Effective Use of Administrative Data Can Strengthen Efforts to Maintain a Stable Supply of High-Quality Foster Homes
Foster parents are critical to the nation’s child welfare system. In this report, we demonstrate the potential of administrative data to contribute robust evidence in support of child welfare systems’ efforts to maintain a stable supply of high-quality foster homes.
What We Did
In this study, we used longitudinal administrative data from one state child welfare agency to answer questions about: 1) the number of foster homes that open and close each year and the characteristics of these homes and the foster parents; 2) the reasons for home closure; 3) the length of service of foster homes; and 4) the variations in the use of foster homes. The sample for the analysis included 14,834 unique foster homes that opened for the first time between January 1, 2011 and December 31, 2016.
What We Found
- The number of open foster homes was relatively stable year to year. On balance, the opening of new foster homes offset the closing of existing foster homes.
- The reasons that most foster homes closed fell into two categories: Family requests (related to changes in circumstances, personal, or family issues) and homes that were serving solely as a kin placement and the kinship case ended.
- For homes that opened for the first time between 2011 and 2015, the median length of service was just under a year.
- While the age of first-time foster parents was correlated with length of service—with those between the ages of 30 and 39 having the longest median length of service—foster parents of all races had a similar length of service.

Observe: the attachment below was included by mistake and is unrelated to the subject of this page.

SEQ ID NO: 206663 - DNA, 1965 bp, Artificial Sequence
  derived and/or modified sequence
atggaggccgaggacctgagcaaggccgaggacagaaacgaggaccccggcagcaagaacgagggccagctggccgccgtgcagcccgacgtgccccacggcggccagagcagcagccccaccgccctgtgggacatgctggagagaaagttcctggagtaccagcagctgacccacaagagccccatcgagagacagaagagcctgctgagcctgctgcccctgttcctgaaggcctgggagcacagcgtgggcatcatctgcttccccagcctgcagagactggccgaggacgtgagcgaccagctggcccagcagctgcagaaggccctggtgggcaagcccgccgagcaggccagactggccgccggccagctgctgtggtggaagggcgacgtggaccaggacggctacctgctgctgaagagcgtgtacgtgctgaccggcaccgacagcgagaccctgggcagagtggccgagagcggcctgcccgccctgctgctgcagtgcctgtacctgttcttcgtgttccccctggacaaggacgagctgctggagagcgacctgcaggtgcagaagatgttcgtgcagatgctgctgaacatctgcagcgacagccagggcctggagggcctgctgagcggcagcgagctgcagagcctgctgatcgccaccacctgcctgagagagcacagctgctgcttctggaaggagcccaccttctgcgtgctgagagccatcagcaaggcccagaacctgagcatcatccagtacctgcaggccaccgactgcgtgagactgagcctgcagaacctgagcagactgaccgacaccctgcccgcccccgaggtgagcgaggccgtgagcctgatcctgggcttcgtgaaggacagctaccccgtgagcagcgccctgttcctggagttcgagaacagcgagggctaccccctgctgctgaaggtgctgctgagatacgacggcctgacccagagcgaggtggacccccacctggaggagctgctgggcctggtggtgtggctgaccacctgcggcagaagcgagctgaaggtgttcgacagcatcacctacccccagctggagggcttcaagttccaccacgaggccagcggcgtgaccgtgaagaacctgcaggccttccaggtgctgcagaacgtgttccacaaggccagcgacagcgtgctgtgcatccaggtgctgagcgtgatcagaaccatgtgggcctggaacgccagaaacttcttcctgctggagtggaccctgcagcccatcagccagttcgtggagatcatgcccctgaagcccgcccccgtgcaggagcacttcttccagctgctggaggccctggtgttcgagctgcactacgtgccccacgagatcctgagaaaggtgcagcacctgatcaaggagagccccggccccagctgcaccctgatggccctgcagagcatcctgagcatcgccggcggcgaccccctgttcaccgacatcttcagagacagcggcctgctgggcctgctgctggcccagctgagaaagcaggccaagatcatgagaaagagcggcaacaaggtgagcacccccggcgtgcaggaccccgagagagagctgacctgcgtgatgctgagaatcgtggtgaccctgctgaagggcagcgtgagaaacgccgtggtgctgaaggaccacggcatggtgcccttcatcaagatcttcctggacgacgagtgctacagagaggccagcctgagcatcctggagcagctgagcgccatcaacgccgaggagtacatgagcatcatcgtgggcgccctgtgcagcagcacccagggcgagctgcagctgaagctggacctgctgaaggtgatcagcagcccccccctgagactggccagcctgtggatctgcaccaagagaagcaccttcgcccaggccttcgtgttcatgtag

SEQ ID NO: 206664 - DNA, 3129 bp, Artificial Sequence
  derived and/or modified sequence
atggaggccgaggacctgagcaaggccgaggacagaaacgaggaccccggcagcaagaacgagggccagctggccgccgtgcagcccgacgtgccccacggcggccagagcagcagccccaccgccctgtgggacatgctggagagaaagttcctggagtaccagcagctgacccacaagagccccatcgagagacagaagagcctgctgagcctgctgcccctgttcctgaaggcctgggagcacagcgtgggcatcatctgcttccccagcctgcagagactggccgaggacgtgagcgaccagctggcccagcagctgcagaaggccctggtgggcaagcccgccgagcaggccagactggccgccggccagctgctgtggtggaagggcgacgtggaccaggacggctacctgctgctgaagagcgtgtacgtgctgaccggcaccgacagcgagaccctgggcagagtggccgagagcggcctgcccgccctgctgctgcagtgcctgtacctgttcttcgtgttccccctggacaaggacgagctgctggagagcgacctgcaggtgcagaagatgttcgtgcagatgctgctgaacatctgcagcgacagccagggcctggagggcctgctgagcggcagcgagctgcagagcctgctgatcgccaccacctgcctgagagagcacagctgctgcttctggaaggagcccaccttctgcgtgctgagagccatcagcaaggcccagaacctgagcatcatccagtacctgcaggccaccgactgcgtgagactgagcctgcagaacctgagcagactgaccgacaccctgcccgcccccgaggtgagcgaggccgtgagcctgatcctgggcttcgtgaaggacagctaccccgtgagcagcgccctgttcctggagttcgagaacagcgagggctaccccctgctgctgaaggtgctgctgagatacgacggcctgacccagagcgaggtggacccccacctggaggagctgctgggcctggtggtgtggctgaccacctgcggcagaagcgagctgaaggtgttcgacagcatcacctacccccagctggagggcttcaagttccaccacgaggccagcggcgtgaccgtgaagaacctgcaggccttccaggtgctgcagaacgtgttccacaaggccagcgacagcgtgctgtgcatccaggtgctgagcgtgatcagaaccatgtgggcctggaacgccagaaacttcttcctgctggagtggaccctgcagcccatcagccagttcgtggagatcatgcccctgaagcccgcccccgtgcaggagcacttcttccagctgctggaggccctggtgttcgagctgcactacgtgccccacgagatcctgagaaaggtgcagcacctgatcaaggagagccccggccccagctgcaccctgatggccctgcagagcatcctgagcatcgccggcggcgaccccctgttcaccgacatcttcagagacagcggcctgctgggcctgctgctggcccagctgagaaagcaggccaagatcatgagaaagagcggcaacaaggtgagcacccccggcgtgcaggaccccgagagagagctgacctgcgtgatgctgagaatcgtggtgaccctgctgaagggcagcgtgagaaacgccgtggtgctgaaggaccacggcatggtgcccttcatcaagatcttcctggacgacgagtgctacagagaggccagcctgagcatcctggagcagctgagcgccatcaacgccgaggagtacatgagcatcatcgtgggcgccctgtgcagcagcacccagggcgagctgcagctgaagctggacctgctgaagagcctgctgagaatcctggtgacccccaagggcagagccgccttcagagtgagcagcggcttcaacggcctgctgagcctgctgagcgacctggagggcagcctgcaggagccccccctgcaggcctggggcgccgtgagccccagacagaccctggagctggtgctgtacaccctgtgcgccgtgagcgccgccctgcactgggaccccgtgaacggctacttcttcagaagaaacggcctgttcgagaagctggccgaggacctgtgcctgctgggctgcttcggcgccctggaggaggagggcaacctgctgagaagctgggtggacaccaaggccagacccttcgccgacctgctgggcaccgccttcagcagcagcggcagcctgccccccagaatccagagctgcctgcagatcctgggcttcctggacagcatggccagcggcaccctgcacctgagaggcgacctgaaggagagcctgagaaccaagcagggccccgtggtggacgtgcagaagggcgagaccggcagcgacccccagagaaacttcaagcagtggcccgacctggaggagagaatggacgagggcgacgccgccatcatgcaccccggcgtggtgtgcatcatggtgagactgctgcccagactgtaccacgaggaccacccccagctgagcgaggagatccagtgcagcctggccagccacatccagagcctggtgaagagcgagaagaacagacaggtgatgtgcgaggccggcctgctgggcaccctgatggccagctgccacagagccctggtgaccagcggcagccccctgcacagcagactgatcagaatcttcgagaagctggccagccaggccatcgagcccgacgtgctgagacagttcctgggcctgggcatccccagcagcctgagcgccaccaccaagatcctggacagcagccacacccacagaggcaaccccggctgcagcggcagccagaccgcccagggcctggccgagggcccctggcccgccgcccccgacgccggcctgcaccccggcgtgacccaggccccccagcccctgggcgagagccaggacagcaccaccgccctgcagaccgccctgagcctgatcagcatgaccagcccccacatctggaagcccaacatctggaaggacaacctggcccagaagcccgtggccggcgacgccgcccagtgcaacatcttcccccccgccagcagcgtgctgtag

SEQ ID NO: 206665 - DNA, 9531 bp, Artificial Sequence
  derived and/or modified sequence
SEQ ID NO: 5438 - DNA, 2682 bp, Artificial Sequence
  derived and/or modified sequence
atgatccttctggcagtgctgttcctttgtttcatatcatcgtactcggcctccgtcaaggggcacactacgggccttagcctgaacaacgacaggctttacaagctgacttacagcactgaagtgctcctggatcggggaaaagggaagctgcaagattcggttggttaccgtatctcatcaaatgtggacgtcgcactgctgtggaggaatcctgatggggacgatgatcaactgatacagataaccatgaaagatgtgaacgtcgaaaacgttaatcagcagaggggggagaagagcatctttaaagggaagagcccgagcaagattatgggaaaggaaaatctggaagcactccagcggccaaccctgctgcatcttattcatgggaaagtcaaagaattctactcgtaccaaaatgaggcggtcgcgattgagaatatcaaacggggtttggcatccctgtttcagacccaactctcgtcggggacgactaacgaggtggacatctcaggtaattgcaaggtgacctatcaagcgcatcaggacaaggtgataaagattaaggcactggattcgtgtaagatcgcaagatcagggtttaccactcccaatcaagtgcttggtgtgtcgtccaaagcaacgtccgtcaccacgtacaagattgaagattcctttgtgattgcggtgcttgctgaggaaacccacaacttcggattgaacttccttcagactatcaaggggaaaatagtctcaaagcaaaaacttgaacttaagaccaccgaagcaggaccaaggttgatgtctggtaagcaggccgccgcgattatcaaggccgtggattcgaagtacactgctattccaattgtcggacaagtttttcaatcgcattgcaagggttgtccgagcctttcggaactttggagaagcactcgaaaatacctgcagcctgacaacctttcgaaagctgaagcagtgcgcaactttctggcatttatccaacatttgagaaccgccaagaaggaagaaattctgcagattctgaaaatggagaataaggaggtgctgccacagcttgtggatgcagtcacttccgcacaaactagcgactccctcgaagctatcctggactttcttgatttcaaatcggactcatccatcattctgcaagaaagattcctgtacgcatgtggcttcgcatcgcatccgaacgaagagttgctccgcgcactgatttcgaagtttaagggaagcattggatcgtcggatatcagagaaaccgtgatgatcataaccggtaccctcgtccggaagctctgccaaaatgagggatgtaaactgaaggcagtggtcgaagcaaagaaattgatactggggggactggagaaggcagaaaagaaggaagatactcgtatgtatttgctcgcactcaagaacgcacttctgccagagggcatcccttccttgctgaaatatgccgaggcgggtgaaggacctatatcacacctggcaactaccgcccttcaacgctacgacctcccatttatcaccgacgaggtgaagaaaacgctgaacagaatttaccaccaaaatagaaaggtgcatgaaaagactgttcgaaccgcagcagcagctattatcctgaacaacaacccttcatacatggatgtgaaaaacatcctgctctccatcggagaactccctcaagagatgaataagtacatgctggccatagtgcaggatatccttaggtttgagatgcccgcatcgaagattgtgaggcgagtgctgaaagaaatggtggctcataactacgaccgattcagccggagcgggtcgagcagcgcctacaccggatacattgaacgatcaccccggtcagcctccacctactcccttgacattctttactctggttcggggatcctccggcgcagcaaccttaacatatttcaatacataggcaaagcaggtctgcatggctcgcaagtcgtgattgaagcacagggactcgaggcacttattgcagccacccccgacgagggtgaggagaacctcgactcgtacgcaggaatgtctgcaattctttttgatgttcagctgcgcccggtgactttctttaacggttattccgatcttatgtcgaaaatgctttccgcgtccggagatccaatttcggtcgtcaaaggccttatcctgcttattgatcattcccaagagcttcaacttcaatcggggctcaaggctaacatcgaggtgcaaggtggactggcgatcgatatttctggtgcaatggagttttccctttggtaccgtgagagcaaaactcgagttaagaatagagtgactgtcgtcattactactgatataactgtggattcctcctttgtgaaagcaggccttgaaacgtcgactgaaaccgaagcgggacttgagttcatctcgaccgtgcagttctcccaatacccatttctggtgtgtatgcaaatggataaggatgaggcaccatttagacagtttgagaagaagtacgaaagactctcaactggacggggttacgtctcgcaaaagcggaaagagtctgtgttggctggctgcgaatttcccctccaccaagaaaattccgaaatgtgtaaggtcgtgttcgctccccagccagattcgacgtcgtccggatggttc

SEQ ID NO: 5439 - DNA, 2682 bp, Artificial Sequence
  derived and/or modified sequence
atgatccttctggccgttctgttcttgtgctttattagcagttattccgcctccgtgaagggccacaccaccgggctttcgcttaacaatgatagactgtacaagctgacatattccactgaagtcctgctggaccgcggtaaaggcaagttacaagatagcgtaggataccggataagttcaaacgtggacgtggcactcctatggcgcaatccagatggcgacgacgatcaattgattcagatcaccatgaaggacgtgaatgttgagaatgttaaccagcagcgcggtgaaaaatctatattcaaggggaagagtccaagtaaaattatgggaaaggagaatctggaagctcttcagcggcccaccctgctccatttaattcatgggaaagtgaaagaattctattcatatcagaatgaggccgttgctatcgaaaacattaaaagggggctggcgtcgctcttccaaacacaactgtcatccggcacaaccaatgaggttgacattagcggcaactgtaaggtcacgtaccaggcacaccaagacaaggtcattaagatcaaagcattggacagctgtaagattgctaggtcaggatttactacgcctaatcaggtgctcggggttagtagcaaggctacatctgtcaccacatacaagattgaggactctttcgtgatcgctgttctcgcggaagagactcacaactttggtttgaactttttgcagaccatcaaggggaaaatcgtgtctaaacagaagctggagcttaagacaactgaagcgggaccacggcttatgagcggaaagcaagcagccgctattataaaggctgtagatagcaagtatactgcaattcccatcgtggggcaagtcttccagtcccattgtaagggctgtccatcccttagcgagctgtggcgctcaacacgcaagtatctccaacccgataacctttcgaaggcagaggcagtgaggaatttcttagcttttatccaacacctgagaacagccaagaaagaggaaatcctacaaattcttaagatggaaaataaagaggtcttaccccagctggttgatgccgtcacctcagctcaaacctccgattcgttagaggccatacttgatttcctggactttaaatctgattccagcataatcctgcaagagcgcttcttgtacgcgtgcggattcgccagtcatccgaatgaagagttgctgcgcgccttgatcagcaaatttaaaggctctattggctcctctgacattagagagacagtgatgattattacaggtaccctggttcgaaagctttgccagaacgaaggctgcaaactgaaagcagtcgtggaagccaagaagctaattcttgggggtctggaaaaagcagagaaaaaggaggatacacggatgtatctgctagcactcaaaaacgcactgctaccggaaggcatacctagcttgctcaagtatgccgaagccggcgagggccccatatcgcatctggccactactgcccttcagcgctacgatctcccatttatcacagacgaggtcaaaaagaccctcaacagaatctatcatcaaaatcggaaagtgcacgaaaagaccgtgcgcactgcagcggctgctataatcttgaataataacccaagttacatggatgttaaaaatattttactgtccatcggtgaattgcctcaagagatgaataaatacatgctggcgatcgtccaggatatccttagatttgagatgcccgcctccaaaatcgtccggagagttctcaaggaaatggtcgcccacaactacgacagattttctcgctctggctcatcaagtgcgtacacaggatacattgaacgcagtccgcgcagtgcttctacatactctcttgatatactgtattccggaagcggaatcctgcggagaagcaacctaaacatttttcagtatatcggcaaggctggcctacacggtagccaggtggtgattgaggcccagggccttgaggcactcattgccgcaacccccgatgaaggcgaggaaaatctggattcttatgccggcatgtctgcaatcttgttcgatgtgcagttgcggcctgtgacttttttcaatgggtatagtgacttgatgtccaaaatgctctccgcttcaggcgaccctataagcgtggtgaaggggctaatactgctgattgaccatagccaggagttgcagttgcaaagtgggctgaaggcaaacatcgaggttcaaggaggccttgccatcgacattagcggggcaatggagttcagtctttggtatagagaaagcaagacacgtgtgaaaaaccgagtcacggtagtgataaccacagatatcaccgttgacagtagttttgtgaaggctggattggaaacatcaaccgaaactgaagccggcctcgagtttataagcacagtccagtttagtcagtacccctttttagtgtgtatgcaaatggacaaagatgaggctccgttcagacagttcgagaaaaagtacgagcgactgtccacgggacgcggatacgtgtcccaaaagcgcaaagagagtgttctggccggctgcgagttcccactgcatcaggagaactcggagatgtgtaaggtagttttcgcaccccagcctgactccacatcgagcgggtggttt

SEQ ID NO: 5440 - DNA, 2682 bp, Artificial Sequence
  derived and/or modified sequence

- Homes that are approved to provide care for both male and female children have a longer median length of service in comparison to homes that are approved only for females or males. Homes that are approved to provide care for sibling groups in the same home have a much longer median length of service compared to homes that are not approved to provide care for siblings.
- Homes with longer lengths of service were more likely to be occupied for a higher percentage of their service time.
What It Means
To test new foster home recruitment and retention strategies, child welfare systems need increased data capacity. This would allow them to ask and answer clearly defined questions about the structure and functioning of their current foster home system. Longitudinal data files can help define questions and provide nuanced answers to those questions, shortening the quality improvement cycle and making it more effective. The current analysis points to opportunities to build a body of evidence that supports innovation through exploring questions about both the process and quality of foster home recruitment and retention work. The 2018 Family First Prevention Services Act, which provides $8 million in competitive grants to states to support the recruitment and retention of high-quality foster homes, could provide an opportunity to build this evidence.